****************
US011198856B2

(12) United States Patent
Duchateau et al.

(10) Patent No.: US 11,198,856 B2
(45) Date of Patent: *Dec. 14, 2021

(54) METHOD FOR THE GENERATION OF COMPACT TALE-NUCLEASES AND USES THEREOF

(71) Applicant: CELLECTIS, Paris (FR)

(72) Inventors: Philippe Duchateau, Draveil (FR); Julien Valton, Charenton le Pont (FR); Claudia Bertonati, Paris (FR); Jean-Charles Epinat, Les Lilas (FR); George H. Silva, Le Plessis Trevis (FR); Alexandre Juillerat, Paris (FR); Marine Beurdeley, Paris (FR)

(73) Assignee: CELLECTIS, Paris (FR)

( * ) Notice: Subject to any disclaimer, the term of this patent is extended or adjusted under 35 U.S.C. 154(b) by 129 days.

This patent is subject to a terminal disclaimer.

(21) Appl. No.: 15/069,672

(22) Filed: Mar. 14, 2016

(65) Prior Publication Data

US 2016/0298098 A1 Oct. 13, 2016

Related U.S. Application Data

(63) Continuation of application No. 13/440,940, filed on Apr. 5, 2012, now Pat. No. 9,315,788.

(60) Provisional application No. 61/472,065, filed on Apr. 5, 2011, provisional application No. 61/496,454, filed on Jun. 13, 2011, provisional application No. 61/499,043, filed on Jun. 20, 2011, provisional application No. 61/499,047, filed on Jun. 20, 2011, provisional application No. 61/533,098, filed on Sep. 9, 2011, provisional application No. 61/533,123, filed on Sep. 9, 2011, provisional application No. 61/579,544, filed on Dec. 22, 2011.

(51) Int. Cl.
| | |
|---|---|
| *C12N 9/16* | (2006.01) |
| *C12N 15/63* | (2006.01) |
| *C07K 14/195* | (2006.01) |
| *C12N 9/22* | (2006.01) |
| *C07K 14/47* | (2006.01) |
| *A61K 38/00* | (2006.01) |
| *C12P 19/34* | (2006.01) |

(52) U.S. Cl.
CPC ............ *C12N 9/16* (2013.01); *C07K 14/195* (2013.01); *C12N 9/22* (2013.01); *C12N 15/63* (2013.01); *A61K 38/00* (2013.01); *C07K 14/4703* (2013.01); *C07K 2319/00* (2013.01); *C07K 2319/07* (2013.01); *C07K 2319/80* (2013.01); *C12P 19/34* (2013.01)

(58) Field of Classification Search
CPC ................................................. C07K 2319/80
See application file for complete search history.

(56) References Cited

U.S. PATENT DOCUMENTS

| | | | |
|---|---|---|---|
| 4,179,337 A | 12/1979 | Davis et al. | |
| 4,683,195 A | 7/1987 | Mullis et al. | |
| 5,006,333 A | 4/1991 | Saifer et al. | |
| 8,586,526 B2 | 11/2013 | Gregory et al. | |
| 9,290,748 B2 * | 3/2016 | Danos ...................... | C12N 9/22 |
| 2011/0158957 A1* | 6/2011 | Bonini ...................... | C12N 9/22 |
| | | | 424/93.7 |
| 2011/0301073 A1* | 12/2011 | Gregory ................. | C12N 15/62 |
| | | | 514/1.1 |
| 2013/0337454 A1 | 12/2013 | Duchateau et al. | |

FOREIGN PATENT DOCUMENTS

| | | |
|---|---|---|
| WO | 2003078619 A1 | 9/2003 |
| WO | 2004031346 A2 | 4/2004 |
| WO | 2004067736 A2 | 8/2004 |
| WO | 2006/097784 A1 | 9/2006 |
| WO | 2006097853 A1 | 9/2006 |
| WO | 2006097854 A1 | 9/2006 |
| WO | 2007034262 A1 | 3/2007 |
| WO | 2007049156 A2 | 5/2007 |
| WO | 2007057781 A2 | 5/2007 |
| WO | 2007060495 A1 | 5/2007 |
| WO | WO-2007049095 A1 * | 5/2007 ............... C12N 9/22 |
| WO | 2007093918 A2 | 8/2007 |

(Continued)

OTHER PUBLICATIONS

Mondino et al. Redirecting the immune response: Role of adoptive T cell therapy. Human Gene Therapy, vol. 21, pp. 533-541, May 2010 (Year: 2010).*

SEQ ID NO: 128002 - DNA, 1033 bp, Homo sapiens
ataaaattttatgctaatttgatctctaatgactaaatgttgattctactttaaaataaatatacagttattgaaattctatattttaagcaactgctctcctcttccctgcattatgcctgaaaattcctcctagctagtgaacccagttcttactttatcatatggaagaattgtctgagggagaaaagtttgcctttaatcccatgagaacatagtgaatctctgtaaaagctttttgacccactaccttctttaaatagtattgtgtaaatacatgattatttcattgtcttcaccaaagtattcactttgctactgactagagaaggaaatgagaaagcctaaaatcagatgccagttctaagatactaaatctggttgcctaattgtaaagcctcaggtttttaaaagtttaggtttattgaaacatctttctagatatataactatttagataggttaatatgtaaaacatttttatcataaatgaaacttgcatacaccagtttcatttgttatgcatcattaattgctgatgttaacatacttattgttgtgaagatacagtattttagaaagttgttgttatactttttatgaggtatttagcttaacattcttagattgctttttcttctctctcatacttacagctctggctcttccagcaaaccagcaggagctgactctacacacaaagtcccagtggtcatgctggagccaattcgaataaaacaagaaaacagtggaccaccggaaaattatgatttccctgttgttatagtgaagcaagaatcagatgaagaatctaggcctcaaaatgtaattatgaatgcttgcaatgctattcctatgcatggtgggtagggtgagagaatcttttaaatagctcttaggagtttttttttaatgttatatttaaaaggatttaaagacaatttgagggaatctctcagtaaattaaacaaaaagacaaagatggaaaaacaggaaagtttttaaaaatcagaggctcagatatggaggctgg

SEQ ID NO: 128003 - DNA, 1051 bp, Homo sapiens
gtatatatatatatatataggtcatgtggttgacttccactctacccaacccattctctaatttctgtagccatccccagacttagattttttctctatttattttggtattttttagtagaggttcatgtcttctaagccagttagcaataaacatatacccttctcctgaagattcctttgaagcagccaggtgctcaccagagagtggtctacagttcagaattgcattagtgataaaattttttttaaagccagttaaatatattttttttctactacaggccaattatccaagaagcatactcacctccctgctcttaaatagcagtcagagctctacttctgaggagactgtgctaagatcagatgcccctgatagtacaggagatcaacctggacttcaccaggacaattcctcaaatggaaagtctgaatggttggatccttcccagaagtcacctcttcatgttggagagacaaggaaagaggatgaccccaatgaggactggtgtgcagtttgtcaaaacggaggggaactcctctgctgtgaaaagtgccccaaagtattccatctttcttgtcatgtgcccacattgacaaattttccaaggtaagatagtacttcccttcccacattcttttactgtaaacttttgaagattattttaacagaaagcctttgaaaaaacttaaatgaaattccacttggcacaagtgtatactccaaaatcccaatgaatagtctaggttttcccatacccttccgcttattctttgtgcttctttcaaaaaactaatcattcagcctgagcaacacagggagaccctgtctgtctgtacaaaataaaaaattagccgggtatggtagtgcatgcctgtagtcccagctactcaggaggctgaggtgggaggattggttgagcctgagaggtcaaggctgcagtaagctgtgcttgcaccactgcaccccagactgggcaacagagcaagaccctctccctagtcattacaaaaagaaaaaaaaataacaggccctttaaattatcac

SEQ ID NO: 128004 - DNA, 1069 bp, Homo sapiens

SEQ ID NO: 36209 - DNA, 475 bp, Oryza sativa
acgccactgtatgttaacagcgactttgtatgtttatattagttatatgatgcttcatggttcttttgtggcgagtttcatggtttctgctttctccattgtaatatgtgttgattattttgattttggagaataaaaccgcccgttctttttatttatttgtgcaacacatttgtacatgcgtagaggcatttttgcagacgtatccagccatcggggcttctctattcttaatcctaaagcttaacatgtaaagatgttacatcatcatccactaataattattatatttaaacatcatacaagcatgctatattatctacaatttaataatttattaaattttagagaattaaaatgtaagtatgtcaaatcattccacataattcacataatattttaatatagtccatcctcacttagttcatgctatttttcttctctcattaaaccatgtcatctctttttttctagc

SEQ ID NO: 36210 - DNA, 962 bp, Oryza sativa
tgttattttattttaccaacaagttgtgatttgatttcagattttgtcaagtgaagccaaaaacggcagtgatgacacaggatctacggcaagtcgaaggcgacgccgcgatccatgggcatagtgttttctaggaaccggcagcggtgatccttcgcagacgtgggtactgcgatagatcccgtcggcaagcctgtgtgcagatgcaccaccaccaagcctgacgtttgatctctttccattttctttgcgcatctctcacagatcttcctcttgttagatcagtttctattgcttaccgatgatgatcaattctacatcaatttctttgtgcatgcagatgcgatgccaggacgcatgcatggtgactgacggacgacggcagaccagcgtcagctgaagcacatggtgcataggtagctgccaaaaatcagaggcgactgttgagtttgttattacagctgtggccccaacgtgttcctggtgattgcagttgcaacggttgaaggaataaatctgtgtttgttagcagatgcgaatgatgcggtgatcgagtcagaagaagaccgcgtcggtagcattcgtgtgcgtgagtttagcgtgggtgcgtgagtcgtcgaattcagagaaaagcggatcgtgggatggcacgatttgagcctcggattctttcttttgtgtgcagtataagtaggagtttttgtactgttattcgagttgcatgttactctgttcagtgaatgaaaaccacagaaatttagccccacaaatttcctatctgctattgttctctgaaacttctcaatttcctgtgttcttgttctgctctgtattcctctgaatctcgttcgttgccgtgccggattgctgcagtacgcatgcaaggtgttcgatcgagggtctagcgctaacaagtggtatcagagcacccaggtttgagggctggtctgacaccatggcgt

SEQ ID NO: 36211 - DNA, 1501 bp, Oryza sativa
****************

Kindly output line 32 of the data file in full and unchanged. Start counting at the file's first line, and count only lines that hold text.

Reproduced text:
CPC ................................................. C07K 2319/80